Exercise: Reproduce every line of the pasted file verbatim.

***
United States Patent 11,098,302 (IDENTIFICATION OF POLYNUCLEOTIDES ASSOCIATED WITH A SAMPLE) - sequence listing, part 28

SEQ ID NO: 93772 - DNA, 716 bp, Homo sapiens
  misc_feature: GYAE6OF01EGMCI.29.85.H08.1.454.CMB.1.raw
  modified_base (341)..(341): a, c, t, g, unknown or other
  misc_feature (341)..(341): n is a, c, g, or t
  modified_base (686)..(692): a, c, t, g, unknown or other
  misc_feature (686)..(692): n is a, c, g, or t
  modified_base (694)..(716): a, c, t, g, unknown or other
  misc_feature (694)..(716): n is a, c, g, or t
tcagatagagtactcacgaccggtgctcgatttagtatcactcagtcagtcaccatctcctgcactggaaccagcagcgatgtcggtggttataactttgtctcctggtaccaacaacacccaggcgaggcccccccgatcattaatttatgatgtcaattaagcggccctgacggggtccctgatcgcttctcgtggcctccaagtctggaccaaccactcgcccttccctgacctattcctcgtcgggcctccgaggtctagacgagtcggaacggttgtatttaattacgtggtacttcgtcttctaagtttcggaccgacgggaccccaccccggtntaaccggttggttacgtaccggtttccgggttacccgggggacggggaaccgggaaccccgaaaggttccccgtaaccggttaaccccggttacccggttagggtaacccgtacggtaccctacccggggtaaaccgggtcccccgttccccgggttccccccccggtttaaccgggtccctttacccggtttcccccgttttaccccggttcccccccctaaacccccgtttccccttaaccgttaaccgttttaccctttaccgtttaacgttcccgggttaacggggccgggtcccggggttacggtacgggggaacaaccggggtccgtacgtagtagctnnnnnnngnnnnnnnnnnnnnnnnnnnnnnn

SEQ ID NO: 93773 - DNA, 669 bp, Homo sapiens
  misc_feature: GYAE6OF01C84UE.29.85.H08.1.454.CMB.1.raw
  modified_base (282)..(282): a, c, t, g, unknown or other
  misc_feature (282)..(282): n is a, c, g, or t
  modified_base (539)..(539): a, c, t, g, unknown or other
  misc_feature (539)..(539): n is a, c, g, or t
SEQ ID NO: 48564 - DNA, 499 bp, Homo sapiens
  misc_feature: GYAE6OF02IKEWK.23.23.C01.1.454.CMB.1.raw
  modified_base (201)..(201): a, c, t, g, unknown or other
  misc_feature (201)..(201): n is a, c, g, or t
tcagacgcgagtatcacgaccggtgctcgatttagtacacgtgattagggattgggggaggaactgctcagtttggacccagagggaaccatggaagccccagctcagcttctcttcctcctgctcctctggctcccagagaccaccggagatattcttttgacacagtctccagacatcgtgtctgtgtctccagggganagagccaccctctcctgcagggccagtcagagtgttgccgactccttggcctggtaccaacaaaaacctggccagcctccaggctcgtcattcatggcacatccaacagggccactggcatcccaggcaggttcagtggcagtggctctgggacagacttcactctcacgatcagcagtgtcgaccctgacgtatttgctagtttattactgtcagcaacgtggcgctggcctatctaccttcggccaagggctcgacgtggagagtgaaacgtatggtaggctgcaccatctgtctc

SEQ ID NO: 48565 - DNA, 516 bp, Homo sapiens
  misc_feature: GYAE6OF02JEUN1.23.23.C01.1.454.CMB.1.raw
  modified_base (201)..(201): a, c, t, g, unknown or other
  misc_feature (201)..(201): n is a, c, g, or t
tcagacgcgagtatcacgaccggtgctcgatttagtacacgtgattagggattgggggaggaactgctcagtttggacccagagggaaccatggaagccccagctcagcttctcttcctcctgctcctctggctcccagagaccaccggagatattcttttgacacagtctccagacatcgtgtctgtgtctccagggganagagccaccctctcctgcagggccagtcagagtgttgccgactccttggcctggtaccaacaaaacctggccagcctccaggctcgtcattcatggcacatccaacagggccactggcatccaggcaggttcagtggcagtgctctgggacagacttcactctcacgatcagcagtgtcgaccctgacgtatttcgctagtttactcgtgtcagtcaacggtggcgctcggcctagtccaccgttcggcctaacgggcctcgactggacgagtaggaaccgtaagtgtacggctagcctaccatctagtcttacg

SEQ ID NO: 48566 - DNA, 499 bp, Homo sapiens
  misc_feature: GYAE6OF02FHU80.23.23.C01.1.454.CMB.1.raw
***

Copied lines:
United States Patent 11,098,302 (IDENTIFICATION OF POLYNUCLEOTIDES ASSOCIATED WITH A SAMPLE) - sequence listing, part 28

SEQ ID NO: 93772 - DNA, 716 bp, Homo sapiens
  misc_feature: GYAE6OF01EGMCI.29.85.H08.1.454.CMB.1.raw
  modified_base (341)..(341): a, c, t, g, unknown or other
  misc_feature (341)..(341): n is a, c, g, or t
  modified_base (686)..(692): a, c, t, g, unknown or other
  misc_feature (686)..(692): n is a, c, g, or t
  modified_base (694)..(716): a, c, t, g, unknown or other
  misc_feature (694)..(716): n is a, c, g, or t
tcagatagagtactcacgaccggtgctcgatttagtatcactcagtcagtcaccatctcctgcactggaaccagcagcgatgtcggtggttataactttgtctcctggtaccaacaacacccaggcgaggcccccccgatcattaatttatgatgtcaattaagcggccctgacggggtccctgatcgcttctcgtggcctccaagtctggaccaaccactcgcccttccctgacctattcctcgtcgggcctccgaggtctagacgagtcggaacggttgtatttaattacgtggtacttcgtcttctaagtttcggaccgacgggaccccaccccggtntaaccggttggttacgtaccggtttccgggttacccgggggacggggaaccgggaaccccgaaaggttccccgtaaccggttaaccccggttacccggttagggtaacccgtacggtaccctacccggggtaaaccgggtcccccgttccccgggttccccccccggtttaaccgggtccctttacccggtttcccccgttttaccccggttcccccccctaaacccccgtttccccttaaccgttaaccgttttaccctttaccgtttaacgttcccgggttaacggggccgggtcccggggttacggtacgggggaacaaccggggtccgtacgtagtagctnnnnnnngnnnnnnnnnnnnnnnnnnnnnnn

SEQ ID NO: 93773 - DNA, 669 bp, Homo sapiens
  misc_feature: GYAE6OF01C84UE.29.85.H08.1.454.CMB.1.raw
  modified_base (282)..(282): a, c, t, g, unknown or other
  misc_feature (282)..(282): n is a, c, g, or t
  modified_base (539)..(539): a, c, t, g, unknown or other
  misc_feature (539)..(539): n is a, c, g, or t
SEQ ID NO: 48564 - DNA, 499 bp, Homo sapiens
  misc_feature: GYAE6OF02IKEWK.23.23.C01.1.454.CMB.1.raw
  modified_base (201)..(201): a, c, t, g, unknown or other
  misc_feature (201)..(201): n is a, c, g, or t
tcagacgcgagtatcacgaccggtgctcgatttagtacacgtgattagggattgggggaggaactgctcagtttggacccagagggaaccatggaagccccagctcagcttctcttcctcctgctcctctggctcccagagaccaccggagatattcttttgacacagtctccagacatcgtgtctgtgtctccagggganagagccaccctctcctgcagggccagtcagagtgttgccgactccttggcctggtaccaacaaaaacctggccagcctccaggctcgtcattcatggcacatccaacagggccactggcatcccaggcaggttcagtggcagtggctctgggacagacttcactctcacgatcagcagtgtcgaccctgacgtatttgctagtttattactgtcagcaacgtggcgctggcctatctaccttcggccaagggctcgacgtggagagtgaaacgtatggtaggctgcaccatctgtctc

SEQ ID NO: 48565 - DNA, 516 bp, Homo sapiens
  misc_feature: GYAE6OF02JEUN1.23.23.C01.1.454.CMB.1.raw
  modified_base (201)..(201): a, c, t, g, unknown or other
  misc_feature (201)..(201): n is a, c, g, or t
tcagacgcgagtatcacgaccggtgctcgatttagtacacgtgattagggattgggggaggaactgctcagtttggacccagagggaaccatggaagccccagctcagcttctcttcctcctgctcctctggctcccagagaccaccggagatattcttttgacacagtctccagacatcgtgtctgtgtctccagggganagagccaccctctcctgcagggccagtcagagtgttgccgactccttggcctggtaccaacaaaacctggccagcctccaggctcgtcattcatggcacatccaacagggccactggcatccaggcaggttcagtggcagtgctctgggacagacttcactctcacgatcagcagtgtcgaccctgacgtatttcgctagtttactcgtgtcagtcaacggtggcgctcggcctagtccaccgttcggcctaacgggcctcgactggacgagtaggaaccgtaagtgtacggctagcctaccatctagtcttacg

SEQ ID NO: 48566 - DNA, 499 bp, Homo sapiens
  misc_feature: GYAE6OF02FHU80.23.23.C01.1.454.CMB.1.raw